A selection of the need-to-know civil justice news for the week of January 13-17, 2014.
Here’s Who’s Behind The Huge Civil Lawsuit From The Chris Christie Bridge Scandal
Brett LoGiurato | Business Insider
Four-hour delays. Late for work. Lost wages. Late for crucial doctor’s appointments.
Some of these alleged hardships are at the heart of a proposed class-action complaint in the burgeoning George Washington Bridge scandal. The complaint was filed last Thursday, the day after new revelations tying the administration of New Jersey Gov. Chris Christie to the lane closures.
Chris Christie hires law firm to review administration’s role in ‘Bridgegate’
By Statehouse Bureau | Asbury Park Press
A former federal prosecutor will head up an internal review by the administration of Gov. Chris Christie of his staff’s involvement with the politically motivated lane closings on the George Washington Bridge in September 2013.
The administration this morning announced the hiring of the Gibson, Dunn & Crutcher law firm and specifically Randy Mastro to assist both with the review and an investigation by the U.S. Attorney’s office into the closings, which snarled traffic for four days in Fort Lee.
Bridge scandal: Chris Christie’s Nominees Delayed
By Jenna Portnoy | The Star-Ledger
The ongoing scandal over George Washington Bridge lane closures is having more ripple effects through Gov. Chris Christie’s administration.
The Republican governor has put on hold his plan to nominate John Hoffman, his acting attorney general, to the state Superior Court. The move comes as the nomination of Christie’s chief of staff, Kevin O’Dowd, is also in a holding pattern.
Judge Questions Whether $765 NFL Concussions Settlement is Enough
Cindy Boren | Washington Post
A federal judge in Philadelphia issued a preliminary rejection of a $765 million settlement of concussion claims by more than 4,500 former NFL players on Tuesday, ruling that the amount agreed upon may be insufficient to cover payouts, medical tests and treatments.
Will Consumer Class Actions vs. Target Survive?
By Alison Frankel | Reuters
Who doesn’t empathize with the 70 million Target customers whose private information was supposedly hacked?
No one likes to worry about identity theft and impaired credit ratings, the odds of which, according to Reuters, drastically increase for data breach victims. But that doesn’t mean Target customers have a cause of action in federal court.
Litigation Finance Firm Raises $260 Million for New Fund
By William Alden | New York Times DealBook
An upstart investment firm that bets on lawsuits has raised hundreds of millions of dollars for its second fund.
The firm, Gerchen Keller Capital, is expected to announce on Monday that it has amassed about $260 million for the fund, bringing its total investor commitments to $310 million. The fresh capital, coming less than a year after Gerchen Keller opened its doors, underscores investors’ confidence in an obscure corner of Wall Street that has gained adherents in recent years.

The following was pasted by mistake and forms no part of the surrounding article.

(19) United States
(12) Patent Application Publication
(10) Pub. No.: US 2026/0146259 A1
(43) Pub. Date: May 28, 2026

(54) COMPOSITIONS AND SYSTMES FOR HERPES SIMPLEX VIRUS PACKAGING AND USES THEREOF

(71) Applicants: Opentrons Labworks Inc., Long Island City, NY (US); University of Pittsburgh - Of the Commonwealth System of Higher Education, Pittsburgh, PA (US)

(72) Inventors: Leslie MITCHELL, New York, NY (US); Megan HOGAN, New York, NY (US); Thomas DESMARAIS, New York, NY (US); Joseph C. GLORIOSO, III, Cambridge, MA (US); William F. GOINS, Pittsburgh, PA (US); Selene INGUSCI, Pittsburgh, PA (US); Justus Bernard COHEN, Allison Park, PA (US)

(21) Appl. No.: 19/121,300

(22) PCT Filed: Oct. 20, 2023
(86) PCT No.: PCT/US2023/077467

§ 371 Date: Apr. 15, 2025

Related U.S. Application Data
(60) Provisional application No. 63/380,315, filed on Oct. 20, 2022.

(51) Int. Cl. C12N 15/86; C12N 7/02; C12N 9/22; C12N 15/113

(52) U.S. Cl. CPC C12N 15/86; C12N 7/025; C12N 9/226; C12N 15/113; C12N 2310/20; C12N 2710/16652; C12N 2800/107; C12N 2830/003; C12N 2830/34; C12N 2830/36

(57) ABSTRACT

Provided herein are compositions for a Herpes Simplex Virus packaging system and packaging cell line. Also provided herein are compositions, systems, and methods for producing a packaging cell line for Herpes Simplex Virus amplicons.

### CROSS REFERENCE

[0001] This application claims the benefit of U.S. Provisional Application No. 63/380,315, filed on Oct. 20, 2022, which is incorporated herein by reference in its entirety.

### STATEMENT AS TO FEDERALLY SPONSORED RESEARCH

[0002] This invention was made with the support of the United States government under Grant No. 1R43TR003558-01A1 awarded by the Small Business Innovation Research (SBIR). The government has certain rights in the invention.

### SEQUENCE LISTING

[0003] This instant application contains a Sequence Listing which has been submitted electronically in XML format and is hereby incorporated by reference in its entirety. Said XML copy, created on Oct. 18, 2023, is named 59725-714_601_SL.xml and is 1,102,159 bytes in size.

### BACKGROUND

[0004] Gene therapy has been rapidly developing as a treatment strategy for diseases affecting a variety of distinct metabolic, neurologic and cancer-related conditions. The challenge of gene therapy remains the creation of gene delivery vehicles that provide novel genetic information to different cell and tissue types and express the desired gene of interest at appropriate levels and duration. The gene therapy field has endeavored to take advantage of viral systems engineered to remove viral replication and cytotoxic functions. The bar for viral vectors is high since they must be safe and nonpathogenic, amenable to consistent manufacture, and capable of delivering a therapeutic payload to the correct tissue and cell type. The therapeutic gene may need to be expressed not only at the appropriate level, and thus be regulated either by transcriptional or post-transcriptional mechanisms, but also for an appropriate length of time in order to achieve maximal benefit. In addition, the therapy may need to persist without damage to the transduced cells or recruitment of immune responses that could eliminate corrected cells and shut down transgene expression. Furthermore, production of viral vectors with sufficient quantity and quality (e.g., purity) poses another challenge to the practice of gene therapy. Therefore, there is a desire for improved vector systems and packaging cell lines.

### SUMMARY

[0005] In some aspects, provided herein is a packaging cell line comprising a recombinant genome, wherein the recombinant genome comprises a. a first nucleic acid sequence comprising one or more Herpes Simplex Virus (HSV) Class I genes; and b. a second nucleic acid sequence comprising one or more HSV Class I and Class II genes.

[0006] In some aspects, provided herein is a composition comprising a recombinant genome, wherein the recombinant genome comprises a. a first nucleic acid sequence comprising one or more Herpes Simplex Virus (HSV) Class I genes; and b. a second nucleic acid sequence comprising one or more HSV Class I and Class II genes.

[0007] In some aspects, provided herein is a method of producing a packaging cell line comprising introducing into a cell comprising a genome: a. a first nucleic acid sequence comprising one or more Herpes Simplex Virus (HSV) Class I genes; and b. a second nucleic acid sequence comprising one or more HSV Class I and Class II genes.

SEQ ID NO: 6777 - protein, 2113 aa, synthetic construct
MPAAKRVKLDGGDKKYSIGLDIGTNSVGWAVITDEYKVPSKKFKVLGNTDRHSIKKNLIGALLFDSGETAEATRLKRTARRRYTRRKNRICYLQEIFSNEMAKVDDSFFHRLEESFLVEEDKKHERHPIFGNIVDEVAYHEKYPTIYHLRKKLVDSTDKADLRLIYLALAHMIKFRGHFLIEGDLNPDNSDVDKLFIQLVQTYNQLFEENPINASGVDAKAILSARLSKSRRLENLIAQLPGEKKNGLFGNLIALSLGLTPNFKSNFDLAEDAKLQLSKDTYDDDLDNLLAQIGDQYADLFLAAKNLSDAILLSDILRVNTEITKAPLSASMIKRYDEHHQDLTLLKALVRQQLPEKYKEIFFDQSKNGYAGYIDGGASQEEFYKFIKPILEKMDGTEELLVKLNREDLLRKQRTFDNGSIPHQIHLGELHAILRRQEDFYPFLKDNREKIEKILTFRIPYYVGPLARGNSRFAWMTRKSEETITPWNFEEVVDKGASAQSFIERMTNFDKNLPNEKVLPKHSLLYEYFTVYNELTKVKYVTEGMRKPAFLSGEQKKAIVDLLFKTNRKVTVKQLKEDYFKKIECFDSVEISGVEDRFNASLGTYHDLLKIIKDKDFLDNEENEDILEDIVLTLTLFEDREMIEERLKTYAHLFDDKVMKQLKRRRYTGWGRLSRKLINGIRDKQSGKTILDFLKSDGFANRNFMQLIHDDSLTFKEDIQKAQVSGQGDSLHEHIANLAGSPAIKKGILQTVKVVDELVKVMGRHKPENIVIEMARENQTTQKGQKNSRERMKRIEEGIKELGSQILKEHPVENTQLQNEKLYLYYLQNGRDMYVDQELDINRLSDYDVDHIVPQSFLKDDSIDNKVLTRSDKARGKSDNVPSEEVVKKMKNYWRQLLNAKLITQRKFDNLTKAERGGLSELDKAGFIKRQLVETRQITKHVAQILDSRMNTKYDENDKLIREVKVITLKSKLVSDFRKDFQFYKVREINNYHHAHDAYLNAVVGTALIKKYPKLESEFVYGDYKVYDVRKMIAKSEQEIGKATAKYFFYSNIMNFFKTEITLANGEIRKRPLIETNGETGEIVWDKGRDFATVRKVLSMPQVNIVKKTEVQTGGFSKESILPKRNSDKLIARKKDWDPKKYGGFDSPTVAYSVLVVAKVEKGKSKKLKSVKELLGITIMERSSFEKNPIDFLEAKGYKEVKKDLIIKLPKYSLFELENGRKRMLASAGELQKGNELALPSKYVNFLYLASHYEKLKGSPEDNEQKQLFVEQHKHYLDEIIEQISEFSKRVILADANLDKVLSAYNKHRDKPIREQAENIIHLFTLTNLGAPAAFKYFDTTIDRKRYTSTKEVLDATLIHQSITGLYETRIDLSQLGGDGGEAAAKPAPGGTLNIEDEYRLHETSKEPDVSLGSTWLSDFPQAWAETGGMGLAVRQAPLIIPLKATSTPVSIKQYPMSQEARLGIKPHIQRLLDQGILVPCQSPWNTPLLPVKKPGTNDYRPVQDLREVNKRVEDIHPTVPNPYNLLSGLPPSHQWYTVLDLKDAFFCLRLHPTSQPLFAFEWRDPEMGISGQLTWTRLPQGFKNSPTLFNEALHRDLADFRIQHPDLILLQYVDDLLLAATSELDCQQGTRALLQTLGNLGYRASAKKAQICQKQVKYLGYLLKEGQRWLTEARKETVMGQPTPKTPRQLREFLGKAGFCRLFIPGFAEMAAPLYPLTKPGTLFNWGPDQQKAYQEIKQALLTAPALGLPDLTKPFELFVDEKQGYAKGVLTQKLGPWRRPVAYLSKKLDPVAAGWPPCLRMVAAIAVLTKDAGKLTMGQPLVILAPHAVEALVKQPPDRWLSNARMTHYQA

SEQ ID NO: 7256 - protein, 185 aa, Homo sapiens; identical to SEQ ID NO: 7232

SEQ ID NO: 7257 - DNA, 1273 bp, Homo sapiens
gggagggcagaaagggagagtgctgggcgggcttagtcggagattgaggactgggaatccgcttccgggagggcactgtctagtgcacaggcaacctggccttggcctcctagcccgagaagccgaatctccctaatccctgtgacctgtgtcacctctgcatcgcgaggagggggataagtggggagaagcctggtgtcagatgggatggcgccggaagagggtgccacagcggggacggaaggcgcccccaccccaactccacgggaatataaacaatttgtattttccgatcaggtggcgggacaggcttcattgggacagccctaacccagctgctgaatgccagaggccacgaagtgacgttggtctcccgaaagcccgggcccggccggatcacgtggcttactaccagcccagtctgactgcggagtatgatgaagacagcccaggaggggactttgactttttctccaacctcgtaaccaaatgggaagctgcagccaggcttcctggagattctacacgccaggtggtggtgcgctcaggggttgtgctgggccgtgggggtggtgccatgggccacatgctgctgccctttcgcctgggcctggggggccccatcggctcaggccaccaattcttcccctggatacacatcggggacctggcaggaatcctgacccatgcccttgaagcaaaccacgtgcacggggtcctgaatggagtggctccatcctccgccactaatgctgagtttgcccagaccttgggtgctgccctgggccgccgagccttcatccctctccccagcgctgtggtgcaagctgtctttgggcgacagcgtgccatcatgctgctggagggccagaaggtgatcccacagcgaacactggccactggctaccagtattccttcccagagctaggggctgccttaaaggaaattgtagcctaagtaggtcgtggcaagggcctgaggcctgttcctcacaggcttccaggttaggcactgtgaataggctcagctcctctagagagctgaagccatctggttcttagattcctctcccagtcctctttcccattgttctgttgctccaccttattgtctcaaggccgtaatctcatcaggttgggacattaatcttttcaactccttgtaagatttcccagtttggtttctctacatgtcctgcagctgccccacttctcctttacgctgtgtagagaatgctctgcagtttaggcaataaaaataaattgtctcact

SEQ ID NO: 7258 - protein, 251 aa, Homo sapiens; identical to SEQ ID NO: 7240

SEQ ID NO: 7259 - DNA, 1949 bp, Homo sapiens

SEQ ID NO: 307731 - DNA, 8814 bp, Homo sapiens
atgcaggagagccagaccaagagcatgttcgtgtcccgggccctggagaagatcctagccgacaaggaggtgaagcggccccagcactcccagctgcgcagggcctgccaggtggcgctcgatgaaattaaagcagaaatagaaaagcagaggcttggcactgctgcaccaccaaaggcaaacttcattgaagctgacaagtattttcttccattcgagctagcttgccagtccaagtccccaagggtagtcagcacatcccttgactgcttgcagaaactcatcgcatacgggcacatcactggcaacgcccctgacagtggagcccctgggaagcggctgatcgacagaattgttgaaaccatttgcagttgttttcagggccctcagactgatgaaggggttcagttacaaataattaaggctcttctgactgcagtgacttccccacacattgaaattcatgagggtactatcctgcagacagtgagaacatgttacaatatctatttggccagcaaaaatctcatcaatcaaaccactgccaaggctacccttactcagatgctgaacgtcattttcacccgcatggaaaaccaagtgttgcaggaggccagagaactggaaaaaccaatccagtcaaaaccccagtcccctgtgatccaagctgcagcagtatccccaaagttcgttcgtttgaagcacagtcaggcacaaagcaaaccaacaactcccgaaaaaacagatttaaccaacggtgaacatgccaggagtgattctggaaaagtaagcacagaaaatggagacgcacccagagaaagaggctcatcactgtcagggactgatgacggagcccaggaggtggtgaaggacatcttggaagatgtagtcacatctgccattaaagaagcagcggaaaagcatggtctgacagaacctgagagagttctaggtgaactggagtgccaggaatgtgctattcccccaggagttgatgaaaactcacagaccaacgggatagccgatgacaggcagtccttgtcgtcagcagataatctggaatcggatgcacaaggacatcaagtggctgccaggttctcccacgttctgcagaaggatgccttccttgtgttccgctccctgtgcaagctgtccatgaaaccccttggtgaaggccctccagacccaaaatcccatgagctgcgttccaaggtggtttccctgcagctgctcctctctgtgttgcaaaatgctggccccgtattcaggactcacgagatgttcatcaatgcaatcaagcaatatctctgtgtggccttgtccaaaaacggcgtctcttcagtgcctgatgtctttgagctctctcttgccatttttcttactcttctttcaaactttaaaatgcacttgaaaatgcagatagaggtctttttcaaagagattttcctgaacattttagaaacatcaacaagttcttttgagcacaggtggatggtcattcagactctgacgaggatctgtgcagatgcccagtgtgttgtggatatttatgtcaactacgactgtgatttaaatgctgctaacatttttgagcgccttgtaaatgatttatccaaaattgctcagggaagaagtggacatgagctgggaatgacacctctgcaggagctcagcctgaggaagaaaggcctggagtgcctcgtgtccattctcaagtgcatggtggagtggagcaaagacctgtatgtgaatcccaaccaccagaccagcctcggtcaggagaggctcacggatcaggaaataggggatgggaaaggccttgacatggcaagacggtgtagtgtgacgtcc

Litigation finance, as the business is known, often involves bankrolling plaintiffs in exchange for a slice of the lawsuit’s potential winnings.
Corporate Takeover? In 2013, a Lawsuit Almost Always Followed
By Steven M. Davidoff | New York Times DealBook
These days, you can be sure that when a company announces it is being acquired, it will also be sued by a bevy of plaintiffs’ lawyers.
N.J. Senate Confirms Robert Hanna as Superior Court Judge
By Alexi Friedman | Star-Ledger
As Gov. Chris Christie’s choice for state Supreme Court judge, Robert Hanna waited a year for a confirmation hearing that never came. Senate Democrats blocked his selection and another Christie nominee to fill a different seat on the high court, fearing they would cause partisan imbalance.
Ceremony for Newest N.J. Justice, Fernandez-Vina, Set for Friday
By Salvador Rizzo | The Star-Ledger
The newest associate justice on the state Supreme Court, Faustino Fernandez-Vina, will be sworn in Friday in a ceremony at Rutgers University in Camden, the court announced today.
Fernandez-Vina, a Republican who was appointed last year by Gov. Chris Christie, joined the court Nov. 19 and has been hearing cases already.
BP Appeal to Stop ‘Fictitious’ U.S. Oil Spill Claims Fails
One of BP’s attempts to curb payouts for what it says are “fictitious” and “absurd” claims related to the 2010 Gulf of Mexico oil spill has failed after a legal appeal was rejected by a U.S. court.
Bill Protecting Rescue Squads from Lawsuits Hits a Dead End with Change of Legislative Session
By MaryAnn Spoto | The Star-Ledger
A bill protecting rescue squads from civil lawsuits stopped dead in its tracks Tuesday after the legislative session ended without the state Senate voting on the measure.